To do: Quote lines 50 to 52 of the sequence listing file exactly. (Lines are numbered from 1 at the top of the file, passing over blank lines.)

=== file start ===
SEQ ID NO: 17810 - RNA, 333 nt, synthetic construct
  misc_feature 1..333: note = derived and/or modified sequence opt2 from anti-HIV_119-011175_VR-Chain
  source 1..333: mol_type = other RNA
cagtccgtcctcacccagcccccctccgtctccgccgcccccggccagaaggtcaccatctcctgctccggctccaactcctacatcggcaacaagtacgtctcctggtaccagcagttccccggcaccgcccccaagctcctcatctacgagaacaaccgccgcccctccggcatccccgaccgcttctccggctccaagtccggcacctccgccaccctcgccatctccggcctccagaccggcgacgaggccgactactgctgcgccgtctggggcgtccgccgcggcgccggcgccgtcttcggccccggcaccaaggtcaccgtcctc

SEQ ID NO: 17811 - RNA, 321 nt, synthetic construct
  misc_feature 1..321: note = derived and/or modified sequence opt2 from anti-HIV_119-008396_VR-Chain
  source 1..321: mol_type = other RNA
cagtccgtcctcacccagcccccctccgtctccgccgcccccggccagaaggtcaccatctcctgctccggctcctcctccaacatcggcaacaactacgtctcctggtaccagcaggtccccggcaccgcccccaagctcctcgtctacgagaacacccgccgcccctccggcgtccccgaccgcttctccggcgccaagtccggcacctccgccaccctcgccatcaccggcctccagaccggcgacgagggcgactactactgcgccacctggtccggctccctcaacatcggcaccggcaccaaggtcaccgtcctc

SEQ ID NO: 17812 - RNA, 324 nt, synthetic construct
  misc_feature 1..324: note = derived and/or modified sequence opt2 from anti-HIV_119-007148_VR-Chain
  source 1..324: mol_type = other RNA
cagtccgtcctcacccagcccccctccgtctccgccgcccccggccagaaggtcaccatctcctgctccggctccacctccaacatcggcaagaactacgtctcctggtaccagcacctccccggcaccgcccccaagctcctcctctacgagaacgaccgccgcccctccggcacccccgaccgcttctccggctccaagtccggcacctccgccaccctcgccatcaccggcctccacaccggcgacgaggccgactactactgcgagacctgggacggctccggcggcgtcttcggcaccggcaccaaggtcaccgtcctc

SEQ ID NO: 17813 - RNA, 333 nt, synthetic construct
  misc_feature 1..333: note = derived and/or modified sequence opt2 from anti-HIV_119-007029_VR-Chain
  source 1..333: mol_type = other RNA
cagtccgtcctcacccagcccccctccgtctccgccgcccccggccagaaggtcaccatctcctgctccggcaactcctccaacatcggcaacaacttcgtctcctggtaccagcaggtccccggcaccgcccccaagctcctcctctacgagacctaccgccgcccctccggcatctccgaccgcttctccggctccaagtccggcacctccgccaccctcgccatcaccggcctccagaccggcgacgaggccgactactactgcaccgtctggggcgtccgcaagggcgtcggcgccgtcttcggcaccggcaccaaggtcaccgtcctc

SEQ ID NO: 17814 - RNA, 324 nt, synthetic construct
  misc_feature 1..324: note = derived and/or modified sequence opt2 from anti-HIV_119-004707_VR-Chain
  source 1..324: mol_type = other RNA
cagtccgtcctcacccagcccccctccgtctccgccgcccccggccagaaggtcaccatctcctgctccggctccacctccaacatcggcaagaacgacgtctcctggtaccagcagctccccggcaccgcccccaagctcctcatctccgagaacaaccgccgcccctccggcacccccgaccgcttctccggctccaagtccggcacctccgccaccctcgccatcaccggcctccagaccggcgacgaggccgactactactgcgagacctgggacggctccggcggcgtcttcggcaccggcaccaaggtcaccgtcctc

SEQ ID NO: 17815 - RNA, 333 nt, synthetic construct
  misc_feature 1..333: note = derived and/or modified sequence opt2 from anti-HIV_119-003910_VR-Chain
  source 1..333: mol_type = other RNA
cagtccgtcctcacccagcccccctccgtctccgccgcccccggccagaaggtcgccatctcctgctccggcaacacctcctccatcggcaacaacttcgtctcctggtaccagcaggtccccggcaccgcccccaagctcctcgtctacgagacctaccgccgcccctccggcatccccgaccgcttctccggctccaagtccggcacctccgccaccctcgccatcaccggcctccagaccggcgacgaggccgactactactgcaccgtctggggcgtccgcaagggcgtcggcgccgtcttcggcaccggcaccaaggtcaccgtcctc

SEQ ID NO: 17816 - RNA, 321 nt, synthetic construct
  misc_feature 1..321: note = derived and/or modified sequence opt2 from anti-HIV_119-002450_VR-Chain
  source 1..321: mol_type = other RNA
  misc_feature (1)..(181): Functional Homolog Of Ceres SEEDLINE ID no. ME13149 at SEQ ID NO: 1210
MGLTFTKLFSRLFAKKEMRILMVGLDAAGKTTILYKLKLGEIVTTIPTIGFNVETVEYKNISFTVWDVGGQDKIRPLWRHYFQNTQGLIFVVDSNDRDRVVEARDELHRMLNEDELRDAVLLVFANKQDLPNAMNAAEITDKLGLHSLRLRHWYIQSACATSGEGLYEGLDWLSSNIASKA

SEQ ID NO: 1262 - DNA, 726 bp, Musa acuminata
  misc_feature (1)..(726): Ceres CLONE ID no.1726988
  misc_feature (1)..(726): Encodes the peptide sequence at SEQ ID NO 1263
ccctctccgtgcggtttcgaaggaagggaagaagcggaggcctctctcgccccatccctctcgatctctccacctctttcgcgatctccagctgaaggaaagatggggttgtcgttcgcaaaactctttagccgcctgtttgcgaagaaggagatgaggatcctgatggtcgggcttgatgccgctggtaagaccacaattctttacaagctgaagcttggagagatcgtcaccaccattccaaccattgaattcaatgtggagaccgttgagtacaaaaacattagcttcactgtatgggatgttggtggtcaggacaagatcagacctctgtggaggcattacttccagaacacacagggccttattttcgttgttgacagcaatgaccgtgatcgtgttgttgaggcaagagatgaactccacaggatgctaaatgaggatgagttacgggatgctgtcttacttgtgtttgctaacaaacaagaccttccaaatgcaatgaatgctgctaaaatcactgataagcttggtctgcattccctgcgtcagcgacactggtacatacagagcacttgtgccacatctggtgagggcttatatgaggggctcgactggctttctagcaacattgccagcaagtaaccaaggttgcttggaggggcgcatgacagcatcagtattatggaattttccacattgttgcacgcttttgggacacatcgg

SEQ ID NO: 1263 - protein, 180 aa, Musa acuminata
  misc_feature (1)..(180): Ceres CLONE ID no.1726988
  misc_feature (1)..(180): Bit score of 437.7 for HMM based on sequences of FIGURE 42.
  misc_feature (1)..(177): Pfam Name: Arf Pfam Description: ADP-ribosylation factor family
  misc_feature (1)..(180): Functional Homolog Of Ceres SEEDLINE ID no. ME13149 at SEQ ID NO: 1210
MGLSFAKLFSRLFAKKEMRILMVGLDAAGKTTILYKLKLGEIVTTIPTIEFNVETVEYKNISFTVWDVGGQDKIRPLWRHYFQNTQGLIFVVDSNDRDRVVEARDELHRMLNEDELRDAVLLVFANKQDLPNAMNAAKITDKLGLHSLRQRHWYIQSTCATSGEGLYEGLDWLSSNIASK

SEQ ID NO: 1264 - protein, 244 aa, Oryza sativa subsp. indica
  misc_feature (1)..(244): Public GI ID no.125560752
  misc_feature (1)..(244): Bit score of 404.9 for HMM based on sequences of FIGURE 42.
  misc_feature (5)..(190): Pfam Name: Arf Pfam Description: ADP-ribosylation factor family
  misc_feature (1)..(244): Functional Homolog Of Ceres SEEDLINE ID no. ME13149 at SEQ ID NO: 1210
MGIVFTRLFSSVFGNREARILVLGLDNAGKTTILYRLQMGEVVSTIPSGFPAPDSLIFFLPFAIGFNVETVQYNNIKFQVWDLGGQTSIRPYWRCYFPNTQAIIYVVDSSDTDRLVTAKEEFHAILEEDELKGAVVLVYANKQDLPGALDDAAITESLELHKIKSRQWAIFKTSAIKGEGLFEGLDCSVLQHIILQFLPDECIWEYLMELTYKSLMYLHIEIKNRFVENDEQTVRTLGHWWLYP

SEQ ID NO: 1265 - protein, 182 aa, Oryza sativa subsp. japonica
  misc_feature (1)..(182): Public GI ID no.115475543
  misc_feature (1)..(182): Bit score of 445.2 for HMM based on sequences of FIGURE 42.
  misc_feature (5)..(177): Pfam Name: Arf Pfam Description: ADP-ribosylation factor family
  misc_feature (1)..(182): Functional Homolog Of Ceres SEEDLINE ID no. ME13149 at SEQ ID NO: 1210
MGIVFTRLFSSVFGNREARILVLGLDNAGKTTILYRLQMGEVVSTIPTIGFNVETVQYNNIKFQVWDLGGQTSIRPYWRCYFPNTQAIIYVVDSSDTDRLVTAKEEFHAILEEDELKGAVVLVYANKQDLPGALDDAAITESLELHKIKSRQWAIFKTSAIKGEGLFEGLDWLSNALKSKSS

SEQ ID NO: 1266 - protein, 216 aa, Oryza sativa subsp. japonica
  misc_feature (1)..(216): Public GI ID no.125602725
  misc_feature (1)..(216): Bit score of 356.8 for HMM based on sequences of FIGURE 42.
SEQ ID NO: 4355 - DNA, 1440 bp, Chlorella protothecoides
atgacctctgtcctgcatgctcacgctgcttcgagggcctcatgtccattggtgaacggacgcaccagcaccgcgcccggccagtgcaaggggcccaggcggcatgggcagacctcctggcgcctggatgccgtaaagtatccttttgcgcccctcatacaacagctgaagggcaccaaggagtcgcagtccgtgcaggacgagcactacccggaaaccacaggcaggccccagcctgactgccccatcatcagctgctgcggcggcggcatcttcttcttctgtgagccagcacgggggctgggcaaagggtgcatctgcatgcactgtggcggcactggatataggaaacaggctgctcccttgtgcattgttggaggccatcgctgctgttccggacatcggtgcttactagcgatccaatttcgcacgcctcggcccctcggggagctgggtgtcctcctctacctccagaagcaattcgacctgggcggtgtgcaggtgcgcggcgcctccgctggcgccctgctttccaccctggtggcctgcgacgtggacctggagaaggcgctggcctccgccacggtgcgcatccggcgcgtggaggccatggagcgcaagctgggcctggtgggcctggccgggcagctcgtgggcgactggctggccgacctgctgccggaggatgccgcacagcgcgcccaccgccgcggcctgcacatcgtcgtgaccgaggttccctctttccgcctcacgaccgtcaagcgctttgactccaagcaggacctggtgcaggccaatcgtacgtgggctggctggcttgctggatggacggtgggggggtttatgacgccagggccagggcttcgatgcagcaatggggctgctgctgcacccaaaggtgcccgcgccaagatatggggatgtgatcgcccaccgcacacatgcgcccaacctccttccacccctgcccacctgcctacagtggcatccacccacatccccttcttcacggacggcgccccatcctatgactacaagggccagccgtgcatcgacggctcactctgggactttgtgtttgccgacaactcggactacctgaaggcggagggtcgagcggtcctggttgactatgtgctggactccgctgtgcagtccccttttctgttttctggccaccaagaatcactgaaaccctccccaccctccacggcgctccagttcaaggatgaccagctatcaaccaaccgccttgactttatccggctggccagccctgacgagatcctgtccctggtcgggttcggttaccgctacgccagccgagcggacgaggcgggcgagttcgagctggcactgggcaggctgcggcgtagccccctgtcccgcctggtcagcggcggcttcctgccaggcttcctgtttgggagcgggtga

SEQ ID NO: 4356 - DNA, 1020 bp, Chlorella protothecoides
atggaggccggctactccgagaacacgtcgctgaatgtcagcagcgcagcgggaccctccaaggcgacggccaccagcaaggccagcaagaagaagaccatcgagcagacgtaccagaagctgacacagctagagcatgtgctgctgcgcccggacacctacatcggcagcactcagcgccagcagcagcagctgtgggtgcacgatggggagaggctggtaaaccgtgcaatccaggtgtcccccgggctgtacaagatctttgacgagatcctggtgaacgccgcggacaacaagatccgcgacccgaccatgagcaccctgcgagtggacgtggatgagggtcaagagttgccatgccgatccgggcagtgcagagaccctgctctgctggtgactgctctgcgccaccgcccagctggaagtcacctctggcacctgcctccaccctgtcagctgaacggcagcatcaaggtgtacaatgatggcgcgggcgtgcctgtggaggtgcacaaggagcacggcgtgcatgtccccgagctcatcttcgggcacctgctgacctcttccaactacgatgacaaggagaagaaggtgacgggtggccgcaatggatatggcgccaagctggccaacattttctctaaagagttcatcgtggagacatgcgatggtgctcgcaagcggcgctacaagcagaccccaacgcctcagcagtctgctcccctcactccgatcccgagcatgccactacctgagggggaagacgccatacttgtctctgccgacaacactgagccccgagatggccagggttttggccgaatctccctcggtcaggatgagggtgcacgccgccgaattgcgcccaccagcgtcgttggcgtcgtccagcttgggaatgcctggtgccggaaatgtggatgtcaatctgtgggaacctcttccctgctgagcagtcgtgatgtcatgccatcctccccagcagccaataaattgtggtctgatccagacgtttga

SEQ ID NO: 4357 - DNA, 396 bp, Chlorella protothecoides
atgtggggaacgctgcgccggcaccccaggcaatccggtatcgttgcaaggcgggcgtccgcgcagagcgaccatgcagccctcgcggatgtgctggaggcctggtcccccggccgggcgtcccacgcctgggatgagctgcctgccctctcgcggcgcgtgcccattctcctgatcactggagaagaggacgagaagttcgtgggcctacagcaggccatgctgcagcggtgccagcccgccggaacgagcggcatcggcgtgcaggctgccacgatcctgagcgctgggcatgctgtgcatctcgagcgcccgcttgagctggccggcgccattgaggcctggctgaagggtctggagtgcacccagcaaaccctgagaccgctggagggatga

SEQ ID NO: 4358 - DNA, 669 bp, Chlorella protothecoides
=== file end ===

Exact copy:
  misc_feature (1)..(182): Functional Homolog Of Ceres SEEDLINE ID no. ME13149 at SEQ ID NO: 1210
MGIVFTRLFSSVFGNREARILVLGLDNAGKTTILYRLQMGEVVSTIPTIGFNVETVQYNNIKFQVWDLGGQTSIRPYWRCYFPNTQAIIYVVDSSDTDRLVTAKEEFHAILEEDELKGAVVLVYANKQDLPGALDDAAITESLELHKIKSRQWAIFKTSAIKGEGLFEGLDWLSNALKSKSS

SEQ ID NO: 1266 - protein, 216 aa, Oryza sativa subsp. japonica